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Oscilloscope Sample Rates versus Sampling Fidelity
How to make the most accurate digital measurements
Digital storage oscilloscopes (DSO) are the primary tools used today by digital designers to perform signal integrity measurements such as setup/hold times, eye margin, and rise/fall times. The two key banner specifications that affect an oscilloscope’s signal integrity measurement accuracy, are bandwidth and sample rate. Most engineers have a good idea of how much bandwidth they need for their digital measurements. However, there is often a lot of confusion about required sample rates—and engineers often assume that scopes with the highest sample rates produce the most accurate digital measurements. But is this true?
When you select an oscilloscope for accurate, high-speed digital measurements, sampling fidelity can often be more important than the maximum sample rate. Using side-by-side measurements on oscilloscopes with various bandwidths and sample rates, this application note demonstrates a counterintuitive concept: scopes with higher sample rates can exhibit poorer signal fidelity because of poorly aligned analog-to-digital converters (ADCs) that are time-interleaved to produce a higher net real-time maximum sample rate. This application note also will show how to easily characterize and compare scope ADC sampling fidelity using both time-domain and frequency-domain analysis techniques.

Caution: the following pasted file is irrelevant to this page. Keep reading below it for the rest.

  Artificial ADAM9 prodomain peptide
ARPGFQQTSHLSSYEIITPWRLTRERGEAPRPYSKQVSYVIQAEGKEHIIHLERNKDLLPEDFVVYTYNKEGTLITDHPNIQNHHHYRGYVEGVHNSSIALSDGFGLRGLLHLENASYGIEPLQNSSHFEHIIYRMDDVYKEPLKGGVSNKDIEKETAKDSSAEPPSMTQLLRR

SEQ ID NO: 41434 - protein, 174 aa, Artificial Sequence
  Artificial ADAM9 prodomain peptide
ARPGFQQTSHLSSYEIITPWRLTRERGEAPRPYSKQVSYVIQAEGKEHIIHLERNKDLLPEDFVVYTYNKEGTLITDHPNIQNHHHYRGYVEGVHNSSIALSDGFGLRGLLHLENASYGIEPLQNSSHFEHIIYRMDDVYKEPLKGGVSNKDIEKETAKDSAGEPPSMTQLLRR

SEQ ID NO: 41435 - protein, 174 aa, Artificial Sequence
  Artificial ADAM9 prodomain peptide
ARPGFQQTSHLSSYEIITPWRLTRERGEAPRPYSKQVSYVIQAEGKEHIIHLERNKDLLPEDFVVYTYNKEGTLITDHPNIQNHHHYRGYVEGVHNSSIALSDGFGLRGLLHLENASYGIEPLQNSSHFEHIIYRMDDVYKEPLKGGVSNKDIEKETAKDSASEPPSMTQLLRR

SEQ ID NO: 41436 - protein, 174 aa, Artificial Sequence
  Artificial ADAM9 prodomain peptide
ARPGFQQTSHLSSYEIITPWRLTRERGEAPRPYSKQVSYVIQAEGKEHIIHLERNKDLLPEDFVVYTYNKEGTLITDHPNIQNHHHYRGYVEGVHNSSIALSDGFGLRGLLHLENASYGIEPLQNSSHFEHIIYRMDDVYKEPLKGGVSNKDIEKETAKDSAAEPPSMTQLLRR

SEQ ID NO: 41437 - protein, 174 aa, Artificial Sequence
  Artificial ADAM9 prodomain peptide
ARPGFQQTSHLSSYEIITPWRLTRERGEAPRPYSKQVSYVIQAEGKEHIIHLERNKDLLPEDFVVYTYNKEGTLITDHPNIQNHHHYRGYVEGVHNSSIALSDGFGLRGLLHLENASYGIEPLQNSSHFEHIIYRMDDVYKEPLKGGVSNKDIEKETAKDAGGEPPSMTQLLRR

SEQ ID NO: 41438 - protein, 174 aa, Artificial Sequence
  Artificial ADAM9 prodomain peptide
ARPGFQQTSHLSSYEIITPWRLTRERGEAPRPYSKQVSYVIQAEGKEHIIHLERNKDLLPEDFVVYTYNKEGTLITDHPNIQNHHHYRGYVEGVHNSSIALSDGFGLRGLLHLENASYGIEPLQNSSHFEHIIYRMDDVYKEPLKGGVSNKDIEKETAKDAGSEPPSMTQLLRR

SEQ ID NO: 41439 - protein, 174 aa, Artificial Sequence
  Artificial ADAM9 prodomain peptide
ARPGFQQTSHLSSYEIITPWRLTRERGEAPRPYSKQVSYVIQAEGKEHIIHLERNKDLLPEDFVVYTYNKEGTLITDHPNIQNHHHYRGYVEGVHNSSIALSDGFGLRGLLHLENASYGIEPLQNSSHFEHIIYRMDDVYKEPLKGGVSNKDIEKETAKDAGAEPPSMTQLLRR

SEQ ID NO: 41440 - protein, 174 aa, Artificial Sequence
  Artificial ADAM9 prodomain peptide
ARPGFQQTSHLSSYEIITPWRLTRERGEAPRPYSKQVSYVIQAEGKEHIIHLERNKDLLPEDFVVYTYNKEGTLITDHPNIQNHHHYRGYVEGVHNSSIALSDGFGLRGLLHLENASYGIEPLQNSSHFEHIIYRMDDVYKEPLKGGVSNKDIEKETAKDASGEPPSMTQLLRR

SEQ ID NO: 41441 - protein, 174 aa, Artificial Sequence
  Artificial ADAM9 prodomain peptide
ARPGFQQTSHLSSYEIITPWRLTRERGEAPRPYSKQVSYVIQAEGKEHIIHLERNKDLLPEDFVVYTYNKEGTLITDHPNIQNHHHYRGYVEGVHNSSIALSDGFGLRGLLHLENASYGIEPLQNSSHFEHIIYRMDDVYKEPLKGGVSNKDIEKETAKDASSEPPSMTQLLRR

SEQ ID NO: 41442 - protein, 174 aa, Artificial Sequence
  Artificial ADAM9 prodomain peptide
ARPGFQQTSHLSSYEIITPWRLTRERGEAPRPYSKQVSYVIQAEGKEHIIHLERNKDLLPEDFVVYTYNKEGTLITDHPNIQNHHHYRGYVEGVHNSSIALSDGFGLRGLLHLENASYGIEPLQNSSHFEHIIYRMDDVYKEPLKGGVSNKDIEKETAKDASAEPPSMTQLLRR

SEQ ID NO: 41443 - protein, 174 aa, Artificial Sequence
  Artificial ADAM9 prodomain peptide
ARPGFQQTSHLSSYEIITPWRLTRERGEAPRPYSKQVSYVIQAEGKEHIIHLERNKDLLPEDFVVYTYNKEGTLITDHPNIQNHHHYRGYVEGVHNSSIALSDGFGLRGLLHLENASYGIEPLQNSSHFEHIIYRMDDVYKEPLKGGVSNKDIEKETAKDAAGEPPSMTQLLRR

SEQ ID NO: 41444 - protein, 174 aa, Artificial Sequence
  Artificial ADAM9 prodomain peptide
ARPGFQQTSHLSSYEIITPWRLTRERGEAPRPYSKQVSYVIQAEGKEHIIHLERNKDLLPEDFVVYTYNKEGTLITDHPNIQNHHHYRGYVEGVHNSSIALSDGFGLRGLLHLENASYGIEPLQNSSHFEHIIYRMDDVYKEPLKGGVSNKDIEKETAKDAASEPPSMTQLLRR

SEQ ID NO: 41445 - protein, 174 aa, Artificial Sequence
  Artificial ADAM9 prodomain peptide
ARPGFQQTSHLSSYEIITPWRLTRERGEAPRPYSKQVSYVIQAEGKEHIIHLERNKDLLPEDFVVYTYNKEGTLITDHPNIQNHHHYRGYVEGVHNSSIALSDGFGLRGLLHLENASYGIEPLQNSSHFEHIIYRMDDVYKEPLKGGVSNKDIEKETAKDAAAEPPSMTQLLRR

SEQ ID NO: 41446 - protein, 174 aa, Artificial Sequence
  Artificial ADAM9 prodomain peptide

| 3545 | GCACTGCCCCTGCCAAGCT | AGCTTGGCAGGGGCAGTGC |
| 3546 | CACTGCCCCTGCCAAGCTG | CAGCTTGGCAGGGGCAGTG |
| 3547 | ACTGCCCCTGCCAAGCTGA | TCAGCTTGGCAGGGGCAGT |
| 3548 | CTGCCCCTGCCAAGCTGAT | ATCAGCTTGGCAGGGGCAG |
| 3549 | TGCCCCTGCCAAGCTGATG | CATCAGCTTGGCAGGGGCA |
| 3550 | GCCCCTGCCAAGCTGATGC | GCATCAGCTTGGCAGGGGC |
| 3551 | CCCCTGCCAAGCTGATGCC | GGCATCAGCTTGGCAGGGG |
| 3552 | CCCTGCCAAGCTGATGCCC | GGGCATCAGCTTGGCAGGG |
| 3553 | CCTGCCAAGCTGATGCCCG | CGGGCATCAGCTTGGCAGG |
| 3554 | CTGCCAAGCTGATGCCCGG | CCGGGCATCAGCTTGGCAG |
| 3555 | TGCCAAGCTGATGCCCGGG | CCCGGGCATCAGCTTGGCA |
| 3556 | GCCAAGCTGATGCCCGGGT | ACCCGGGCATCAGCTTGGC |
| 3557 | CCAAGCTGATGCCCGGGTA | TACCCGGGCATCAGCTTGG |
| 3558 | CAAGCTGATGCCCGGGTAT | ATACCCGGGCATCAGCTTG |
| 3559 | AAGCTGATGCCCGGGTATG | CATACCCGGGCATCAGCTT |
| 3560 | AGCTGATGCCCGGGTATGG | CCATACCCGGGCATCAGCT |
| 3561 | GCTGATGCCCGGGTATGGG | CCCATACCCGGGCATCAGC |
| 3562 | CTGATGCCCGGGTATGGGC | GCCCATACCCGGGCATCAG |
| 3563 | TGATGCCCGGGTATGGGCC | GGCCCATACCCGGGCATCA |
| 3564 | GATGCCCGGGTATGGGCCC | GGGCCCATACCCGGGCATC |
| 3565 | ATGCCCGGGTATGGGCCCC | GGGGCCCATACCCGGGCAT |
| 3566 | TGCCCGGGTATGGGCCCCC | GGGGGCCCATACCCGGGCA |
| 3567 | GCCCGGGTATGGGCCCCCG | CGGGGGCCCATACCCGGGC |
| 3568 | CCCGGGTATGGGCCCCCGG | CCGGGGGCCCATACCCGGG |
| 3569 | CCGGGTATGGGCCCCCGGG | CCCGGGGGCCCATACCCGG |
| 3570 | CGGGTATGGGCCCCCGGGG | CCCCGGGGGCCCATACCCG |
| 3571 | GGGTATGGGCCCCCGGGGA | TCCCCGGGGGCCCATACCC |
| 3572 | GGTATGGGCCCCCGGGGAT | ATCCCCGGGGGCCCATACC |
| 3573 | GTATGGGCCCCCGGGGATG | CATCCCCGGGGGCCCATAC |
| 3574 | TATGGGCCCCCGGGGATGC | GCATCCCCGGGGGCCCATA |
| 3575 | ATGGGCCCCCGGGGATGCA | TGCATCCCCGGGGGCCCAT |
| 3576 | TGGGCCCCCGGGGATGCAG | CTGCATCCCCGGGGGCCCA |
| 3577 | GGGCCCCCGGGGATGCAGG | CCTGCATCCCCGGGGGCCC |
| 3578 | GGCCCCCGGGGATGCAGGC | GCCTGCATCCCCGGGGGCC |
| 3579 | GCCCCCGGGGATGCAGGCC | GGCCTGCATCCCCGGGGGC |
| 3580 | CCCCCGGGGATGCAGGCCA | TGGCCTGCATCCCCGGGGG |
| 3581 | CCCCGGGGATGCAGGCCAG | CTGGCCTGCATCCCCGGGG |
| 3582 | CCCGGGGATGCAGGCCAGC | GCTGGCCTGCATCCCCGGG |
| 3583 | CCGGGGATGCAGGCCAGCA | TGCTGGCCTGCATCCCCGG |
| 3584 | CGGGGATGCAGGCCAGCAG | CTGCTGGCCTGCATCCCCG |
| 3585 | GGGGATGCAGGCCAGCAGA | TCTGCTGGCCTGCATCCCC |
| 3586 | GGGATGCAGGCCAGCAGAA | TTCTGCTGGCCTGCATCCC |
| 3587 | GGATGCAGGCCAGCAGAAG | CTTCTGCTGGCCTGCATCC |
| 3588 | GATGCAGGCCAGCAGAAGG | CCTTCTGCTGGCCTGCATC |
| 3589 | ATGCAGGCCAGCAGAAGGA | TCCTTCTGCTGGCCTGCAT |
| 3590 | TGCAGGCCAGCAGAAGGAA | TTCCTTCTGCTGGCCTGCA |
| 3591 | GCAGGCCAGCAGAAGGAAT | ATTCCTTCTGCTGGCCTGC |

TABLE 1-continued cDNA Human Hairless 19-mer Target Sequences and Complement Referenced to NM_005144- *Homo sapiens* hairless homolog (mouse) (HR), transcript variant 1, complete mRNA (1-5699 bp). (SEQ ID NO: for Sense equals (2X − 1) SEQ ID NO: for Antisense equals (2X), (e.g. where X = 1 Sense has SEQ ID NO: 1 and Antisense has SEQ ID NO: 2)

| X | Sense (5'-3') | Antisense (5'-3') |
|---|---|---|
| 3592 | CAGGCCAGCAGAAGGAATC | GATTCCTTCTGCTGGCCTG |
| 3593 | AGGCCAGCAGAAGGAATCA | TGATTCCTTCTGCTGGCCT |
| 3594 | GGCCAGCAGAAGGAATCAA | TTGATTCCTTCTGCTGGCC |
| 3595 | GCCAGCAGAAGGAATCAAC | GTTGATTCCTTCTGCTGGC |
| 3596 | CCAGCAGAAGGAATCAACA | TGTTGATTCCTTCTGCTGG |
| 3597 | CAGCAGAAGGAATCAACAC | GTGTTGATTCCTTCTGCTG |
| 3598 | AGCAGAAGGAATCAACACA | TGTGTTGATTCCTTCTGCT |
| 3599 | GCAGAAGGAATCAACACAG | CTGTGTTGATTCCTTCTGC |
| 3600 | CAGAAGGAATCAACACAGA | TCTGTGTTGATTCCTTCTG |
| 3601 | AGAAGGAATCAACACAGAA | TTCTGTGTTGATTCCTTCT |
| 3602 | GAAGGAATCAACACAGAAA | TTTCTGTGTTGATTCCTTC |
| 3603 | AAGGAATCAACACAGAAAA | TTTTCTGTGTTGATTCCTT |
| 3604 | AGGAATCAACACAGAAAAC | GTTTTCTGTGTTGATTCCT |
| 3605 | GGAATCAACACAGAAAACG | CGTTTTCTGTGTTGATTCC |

Table of contents
Nyquist’s Sampling Theorem
Interleaved Real-Time Sampling
Testing for Interleave Distortion
- Effective number of bits analysis using sine waves
- Visual sine-wave comparison tests
- Spectrum analysis tests
- Digital clock Measurement stability tests
Interleaved Real-Time Sampling
When ADC technology has been stretched to its limit in terms of maximum sample rate, how do oscilloscope vendors create scopes with even higher sample rates? The drive for higher sample rates may be simply to satisfy scope users’ perception that “more is better” or higher sample rates may actually be required to produce higher-bandwidth real-time oscilloscope measurements. But producing higher sample rates in oscilloscopes is not as easy as simply selecting a higher sample rate off-the-shelf analog-to-digital converter.
A common technique adopted by all major scope vendors is to interleave multiple real-time ADCs. But don’t confuse this sampling technique with interleaving samples from repetitive acquisitions, which we call “equivalent-time” sampling.
Scopes with real-time interleaved sampling must adhere to two requirements. For accurate distortion-free interleaving, each ADC’s vertical gain, offset and frequency response must be closely matched. Secondly, the phase-delayed clocks must be aligned with high precision in order to satisfy Nyquist’s rule #2 which dictates equally-spaced samples. In other words, the sample clock for ADC #2 must be delayed precisely 180 degrees after the clock that samples ADC #1. Both of these criteria are important for accurate interleaving. However, for a more intuitive understanding of the possible errors that can occur due to poor interleaving, the rest of this paper will focus on errors just due to poor phase-delayed clocking.